In the first few moments of listening to Sugarplum Fairies’ Chinese Leftovers, the influences of Mazzy Star, Belle and Sebastian and Cowboy Junkies are unmistakable. Though the vocals of Silvia Ryder aren’t exactly sultry, they have a steady depth. Nonetheless, they don’t offer any surprises. Several tracks present droning harmonies comparable to those of Belle & Sebastian, which may or may not be coincidental seeing that the album was mixed by Belle & Sebastian’s mixer, Todd Burke.

By the third track, “Head Or Tail,” I braced myself for a heroin-chic album that would provide minimal originality, but tons of ’90s nostalgia. I mean, it was all there: Mazzy’s tambourine, Belle and Sebastian’s xylophonic sounds and vocal harmonies, and Cowboy Junkies’ vocals. Yet, instead of sticking exclusively to the sounds of bands on the Lilith Fair’s invite list, the album branches out musically as the it progresses. By the midpoint, it’s safe to call it pleasant and enjoyable. Chinese Leftovers begins throwing all kinds of Americana music at you; from New Orleans brass and accordion sounds to traditional American slide guitars and Southern twang, the musicianship is layered and bold in its stylistic adaptability. There might even be some Tex-Mex brass in there somewhere.

But where the instrumentation is broad and even commendable, don’t count on complex lyrics or vocals. For instance, “I Hate Saturdays” is exactly what it sounds like: a repetitive song repeating that line over and over. Oh and again, like Belle & Sebastian, you get really used to one vocalist, and then halfway through the album, someone else takes over the lead vocals. Ryder should probably stick to lead vocals on any following albums; in her defense, her passive vocals lend a hand to highlighting the multitude of musical instruments played throughout.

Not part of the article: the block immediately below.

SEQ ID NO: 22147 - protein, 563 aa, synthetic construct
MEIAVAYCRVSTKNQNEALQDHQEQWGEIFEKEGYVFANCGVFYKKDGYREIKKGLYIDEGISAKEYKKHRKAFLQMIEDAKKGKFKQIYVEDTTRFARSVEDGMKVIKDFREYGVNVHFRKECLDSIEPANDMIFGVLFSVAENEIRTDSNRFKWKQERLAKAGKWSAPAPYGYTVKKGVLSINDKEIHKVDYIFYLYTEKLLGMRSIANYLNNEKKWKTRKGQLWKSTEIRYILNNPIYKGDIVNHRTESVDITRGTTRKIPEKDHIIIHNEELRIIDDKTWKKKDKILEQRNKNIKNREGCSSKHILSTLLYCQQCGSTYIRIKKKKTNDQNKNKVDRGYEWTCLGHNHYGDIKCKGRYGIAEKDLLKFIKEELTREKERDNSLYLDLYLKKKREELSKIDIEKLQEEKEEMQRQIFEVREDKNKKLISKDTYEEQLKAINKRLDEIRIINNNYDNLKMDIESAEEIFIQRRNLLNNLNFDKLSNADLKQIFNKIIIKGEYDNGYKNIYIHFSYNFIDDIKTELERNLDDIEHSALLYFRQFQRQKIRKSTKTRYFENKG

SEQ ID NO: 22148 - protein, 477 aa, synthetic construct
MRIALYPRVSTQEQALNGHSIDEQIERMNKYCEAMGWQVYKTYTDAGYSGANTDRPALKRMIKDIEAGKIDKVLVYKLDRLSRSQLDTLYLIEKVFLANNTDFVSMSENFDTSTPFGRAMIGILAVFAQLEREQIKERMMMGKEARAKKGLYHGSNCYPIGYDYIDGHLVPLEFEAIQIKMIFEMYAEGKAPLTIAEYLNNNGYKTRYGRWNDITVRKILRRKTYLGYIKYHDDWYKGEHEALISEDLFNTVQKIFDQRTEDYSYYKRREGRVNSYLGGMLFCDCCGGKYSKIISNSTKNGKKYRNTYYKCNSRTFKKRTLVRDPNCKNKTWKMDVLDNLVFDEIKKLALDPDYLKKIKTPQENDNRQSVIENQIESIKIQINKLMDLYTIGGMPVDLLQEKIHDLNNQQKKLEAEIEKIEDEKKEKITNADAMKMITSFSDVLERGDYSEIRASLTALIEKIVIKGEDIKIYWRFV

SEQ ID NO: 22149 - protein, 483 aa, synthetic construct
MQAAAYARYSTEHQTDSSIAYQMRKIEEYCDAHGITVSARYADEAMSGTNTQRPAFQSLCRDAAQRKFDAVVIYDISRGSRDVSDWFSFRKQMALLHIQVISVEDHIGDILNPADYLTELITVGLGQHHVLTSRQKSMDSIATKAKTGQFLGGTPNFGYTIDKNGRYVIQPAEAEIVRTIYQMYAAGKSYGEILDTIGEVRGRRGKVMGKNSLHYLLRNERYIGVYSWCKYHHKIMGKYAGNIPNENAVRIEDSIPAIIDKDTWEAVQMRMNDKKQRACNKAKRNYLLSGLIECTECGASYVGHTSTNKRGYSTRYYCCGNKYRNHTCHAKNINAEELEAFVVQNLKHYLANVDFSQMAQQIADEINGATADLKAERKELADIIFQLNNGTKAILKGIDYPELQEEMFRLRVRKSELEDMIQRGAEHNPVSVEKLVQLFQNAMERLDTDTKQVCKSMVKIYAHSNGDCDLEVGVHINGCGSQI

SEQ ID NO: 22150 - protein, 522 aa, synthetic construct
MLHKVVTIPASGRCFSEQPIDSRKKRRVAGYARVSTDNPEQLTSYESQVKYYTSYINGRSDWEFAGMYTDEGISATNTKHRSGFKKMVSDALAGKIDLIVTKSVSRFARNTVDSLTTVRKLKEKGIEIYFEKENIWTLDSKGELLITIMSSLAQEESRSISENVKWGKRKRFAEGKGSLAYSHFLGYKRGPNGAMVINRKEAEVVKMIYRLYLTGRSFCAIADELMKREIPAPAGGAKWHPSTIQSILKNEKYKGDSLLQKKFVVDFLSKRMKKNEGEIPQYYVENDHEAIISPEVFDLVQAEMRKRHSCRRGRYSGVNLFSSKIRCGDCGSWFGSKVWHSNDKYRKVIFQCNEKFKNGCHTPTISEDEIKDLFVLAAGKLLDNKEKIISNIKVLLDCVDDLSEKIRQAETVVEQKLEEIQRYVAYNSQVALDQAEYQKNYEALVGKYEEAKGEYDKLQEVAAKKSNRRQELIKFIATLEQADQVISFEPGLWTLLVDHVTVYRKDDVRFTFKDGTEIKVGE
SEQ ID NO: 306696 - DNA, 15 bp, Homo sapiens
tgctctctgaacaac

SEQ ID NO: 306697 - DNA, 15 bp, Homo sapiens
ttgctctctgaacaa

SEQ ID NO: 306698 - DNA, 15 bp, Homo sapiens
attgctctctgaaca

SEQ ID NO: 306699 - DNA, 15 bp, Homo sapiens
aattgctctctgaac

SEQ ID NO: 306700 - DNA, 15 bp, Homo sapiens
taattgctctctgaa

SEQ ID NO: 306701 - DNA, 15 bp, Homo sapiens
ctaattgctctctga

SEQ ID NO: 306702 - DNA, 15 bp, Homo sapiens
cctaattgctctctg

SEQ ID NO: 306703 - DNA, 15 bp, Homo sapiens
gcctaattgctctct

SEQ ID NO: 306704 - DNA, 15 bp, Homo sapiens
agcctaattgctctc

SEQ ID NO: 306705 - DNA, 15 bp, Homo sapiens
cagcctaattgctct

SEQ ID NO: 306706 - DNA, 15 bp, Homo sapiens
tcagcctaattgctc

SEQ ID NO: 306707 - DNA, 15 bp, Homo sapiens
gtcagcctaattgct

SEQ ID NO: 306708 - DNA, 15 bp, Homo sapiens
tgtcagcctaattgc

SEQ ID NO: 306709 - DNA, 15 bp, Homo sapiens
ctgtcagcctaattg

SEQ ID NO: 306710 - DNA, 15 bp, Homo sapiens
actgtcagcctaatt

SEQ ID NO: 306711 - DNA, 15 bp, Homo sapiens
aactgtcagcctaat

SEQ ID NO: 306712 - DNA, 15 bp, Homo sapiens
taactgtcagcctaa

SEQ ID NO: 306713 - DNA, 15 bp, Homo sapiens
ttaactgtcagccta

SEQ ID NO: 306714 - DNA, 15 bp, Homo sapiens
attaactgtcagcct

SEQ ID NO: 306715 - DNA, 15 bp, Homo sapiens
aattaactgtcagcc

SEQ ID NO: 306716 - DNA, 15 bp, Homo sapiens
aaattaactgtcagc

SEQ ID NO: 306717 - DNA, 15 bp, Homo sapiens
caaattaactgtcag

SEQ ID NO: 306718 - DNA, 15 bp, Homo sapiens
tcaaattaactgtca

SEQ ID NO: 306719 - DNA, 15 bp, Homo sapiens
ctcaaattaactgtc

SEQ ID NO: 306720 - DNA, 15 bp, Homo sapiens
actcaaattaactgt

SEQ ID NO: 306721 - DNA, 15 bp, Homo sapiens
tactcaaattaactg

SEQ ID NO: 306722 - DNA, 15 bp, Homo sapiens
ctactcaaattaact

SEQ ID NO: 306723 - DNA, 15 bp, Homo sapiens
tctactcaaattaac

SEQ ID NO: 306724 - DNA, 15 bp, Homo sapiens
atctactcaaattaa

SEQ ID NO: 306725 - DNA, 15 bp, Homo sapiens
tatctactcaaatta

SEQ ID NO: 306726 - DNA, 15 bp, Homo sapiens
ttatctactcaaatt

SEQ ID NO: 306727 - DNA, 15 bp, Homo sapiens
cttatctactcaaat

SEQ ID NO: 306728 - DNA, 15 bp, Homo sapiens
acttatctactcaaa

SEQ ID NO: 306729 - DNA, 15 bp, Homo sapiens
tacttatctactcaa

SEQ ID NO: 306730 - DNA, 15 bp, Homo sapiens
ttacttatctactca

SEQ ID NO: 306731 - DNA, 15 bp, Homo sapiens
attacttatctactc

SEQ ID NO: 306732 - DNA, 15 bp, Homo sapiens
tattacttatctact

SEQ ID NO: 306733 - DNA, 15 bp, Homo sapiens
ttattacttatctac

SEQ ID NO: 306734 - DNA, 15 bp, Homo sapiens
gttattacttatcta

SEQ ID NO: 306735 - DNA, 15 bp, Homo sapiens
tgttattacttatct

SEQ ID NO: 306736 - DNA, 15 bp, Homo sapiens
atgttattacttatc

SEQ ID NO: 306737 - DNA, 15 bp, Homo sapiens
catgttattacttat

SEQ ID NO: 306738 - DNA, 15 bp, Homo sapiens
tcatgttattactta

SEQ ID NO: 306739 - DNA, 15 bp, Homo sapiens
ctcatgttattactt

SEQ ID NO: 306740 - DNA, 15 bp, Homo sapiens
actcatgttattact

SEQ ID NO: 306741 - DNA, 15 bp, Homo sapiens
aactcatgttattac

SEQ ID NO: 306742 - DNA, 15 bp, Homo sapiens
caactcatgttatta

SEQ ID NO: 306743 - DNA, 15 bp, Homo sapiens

With the combination of solid musicianship and comfortably familiar sounds of the aforementioned bands, Chinese Leftovers may be exactly what certain listeners are looking for. It’s mellow, dreamy, and a little catchy. Though the vocals get dull at moments, and the lyrics repetitive and lacking in originality, this mellow album is musically chock full of talent. If you are into Belle and Sebastian, moody ’90s girl bands, or even just country simplicity, you might like the Sugarplum Fairies’ Chinese Leftovers. It’s an easy album to listen to and the music will give you an opportunity to feel kind of introspective while you clean the house or… watch Grey’s Anatomy, seeing that one of their songs is on the show.

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